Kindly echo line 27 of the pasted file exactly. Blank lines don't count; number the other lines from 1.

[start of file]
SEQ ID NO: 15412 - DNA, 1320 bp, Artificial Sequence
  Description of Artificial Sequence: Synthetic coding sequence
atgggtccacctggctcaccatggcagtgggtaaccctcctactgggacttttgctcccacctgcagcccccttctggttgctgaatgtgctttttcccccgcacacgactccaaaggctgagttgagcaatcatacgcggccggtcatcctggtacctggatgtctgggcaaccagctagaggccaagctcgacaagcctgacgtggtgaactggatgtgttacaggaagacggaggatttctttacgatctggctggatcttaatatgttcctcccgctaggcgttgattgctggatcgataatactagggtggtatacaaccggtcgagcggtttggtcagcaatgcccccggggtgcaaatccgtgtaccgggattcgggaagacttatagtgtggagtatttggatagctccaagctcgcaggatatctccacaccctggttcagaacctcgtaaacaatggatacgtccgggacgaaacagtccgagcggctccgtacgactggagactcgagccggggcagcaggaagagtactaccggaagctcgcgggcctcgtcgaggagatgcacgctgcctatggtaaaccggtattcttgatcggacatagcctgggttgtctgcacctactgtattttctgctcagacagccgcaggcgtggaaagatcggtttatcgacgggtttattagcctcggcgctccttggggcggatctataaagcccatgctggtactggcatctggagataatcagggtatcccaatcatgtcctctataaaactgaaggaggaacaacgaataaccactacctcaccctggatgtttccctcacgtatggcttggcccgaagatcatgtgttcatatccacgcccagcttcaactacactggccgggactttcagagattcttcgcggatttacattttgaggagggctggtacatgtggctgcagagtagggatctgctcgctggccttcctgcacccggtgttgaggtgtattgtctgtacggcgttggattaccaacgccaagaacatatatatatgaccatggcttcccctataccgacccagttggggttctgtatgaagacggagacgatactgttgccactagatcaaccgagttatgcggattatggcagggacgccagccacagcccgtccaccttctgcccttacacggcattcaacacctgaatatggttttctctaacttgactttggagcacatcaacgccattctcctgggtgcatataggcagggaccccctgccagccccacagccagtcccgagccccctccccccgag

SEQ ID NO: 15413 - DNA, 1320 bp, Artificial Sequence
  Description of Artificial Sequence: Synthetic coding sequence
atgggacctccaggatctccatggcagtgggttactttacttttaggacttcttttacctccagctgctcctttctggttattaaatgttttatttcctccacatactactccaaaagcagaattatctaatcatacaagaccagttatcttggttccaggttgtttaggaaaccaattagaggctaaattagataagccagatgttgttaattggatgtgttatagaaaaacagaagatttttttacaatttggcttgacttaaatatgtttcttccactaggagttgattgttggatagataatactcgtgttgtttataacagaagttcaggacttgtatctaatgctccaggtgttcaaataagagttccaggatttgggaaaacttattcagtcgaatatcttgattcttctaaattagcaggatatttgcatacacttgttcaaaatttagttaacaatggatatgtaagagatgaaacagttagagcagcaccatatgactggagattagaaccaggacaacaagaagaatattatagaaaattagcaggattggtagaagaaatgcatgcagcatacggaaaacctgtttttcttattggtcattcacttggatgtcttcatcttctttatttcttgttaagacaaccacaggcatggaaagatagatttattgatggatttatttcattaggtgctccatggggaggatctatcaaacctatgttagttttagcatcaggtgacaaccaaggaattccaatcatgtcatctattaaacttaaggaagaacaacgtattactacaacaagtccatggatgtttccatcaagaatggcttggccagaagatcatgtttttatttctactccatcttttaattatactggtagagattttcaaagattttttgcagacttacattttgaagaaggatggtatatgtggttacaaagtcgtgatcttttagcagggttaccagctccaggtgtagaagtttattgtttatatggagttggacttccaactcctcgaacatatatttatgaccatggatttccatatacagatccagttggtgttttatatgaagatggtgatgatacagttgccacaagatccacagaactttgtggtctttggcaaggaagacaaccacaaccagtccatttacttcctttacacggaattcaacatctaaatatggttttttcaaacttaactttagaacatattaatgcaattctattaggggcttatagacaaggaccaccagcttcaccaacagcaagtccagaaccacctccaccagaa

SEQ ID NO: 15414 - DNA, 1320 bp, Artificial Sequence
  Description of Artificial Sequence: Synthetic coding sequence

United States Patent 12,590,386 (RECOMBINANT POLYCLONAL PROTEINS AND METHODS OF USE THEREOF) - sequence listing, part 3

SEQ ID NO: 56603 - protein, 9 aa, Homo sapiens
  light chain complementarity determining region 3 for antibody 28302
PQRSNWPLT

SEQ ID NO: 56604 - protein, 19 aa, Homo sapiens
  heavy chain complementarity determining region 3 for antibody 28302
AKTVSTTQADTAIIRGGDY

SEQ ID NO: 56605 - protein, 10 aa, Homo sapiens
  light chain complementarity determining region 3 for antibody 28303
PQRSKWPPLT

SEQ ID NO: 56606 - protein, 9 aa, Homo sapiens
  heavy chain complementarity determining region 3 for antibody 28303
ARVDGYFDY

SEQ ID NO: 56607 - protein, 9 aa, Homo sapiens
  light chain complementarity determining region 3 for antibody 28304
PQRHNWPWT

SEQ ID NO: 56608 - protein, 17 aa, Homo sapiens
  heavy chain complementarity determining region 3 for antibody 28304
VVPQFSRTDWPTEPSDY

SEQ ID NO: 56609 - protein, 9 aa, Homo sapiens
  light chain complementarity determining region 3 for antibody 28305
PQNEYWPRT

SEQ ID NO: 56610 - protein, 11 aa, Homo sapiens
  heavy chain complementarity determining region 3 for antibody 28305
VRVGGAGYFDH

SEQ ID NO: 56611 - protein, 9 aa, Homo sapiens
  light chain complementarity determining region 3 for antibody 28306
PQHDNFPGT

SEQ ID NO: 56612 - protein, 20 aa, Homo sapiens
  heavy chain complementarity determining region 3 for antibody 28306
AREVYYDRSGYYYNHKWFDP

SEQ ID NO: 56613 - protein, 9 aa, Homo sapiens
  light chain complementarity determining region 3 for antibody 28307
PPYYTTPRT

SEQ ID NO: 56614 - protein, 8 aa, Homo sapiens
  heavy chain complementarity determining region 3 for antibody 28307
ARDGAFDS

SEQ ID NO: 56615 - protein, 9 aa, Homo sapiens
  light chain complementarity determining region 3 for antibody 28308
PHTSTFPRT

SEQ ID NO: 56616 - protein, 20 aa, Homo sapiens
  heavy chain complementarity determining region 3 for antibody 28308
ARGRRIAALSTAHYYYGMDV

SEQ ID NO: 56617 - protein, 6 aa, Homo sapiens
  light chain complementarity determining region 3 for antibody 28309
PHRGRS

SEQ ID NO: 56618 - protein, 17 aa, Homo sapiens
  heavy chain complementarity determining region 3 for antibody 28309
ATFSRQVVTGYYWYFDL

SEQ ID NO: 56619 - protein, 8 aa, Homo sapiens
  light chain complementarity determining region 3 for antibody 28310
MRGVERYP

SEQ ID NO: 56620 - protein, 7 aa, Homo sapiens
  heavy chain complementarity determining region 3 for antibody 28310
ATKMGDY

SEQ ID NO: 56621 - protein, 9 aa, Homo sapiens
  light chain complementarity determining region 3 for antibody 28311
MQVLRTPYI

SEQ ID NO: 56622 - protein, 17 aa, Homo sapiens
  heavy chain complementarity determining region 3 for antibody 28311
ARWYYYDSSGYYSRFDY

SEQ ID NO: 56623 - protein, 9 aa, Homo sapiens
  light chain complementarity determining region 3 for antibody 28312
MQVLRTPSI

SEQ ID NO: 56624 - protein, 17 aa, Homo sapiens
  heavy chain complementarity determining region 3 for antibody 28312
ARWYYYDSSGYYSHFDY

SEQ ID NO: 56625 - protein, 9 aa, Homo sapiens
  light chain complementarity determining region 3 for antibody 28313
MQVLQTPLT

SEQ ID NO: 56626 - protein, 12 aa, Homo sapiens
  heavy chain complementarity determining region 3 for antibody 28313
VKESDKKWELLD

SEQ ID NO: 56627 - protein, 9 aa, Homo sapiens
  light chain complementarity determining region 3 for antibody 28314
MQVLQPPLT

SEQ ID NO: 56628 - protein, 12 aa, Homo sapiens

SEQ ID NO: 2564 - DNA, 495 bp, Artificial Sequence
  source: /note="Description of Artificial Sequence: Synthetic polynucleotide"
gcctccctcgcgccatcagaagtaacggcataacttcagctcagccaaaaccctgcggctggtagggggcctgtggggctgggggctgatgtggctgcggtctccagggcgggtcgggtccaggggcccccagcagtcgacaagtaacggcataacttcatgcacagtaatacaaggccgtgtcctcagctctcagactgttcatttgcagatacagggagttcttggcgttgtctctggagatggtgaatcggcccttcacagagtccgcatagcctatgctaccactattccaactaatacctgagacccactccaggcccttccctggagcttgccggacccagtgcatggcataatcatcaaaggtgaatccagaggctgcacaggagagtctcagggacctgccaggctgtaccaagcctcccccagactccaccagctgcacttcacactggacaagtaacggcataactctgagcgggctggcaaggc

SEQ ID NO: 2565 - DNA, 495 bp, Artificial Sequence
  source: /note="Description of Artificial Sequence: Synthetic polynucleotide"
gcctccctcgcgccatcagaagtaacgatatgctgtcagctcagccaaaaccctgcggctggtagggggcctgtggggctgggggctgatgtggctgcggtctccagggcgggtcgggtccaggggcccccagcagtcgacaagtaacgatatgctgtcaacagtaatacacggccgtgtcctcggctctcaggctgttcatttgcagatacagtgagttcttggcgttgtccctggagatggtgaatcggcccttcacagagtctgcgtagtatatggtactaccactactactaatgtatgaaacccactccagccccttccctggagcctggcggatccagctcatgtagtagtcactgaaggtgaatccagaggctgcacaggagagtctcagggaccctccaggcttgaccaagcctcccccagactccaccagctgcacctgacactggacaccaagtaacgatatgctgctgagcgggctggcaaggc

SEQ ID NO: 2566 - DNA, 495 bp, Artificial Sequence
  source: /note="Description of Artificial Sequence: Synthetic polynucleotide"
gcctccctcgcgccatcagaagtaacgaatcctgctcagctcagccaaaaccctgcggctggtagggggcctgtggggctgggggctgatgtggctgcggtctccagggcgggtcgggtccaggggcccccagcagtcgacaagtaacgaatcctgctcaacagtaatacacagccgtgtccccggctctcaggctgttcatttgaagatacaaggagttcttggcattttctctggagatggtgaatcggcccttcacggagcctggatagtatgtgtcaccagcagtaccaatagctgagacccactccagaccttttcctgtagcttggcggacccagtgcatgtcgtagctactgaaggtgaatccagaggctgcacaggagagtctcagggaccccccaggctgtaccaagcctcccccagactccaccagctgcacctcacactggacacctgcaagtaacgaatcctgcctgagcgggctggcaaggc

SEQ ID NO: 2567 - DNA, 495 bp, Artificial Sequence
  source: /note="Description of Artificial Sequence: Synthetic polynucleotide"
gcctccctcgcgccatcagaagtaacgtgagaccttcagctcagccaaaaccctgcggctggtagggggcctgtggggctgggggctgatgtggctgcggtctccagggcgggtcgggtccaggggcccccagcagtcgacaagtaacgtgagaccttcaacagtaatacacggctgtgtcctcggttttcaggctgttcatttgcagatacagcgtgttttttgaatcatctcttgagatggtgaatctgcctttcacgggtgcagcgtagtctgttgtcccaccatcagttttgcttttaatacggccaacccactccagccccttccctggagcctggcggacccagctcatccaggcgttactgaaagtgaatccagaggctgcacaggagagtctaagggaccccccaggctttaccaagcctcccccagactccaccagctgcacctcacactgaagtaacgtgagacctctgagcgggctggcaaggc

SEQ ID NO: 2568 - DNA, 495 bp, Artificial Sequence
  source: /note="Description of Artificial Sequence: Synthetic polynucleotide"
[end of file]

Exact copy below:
VVPQFSRTDWPTEPSDY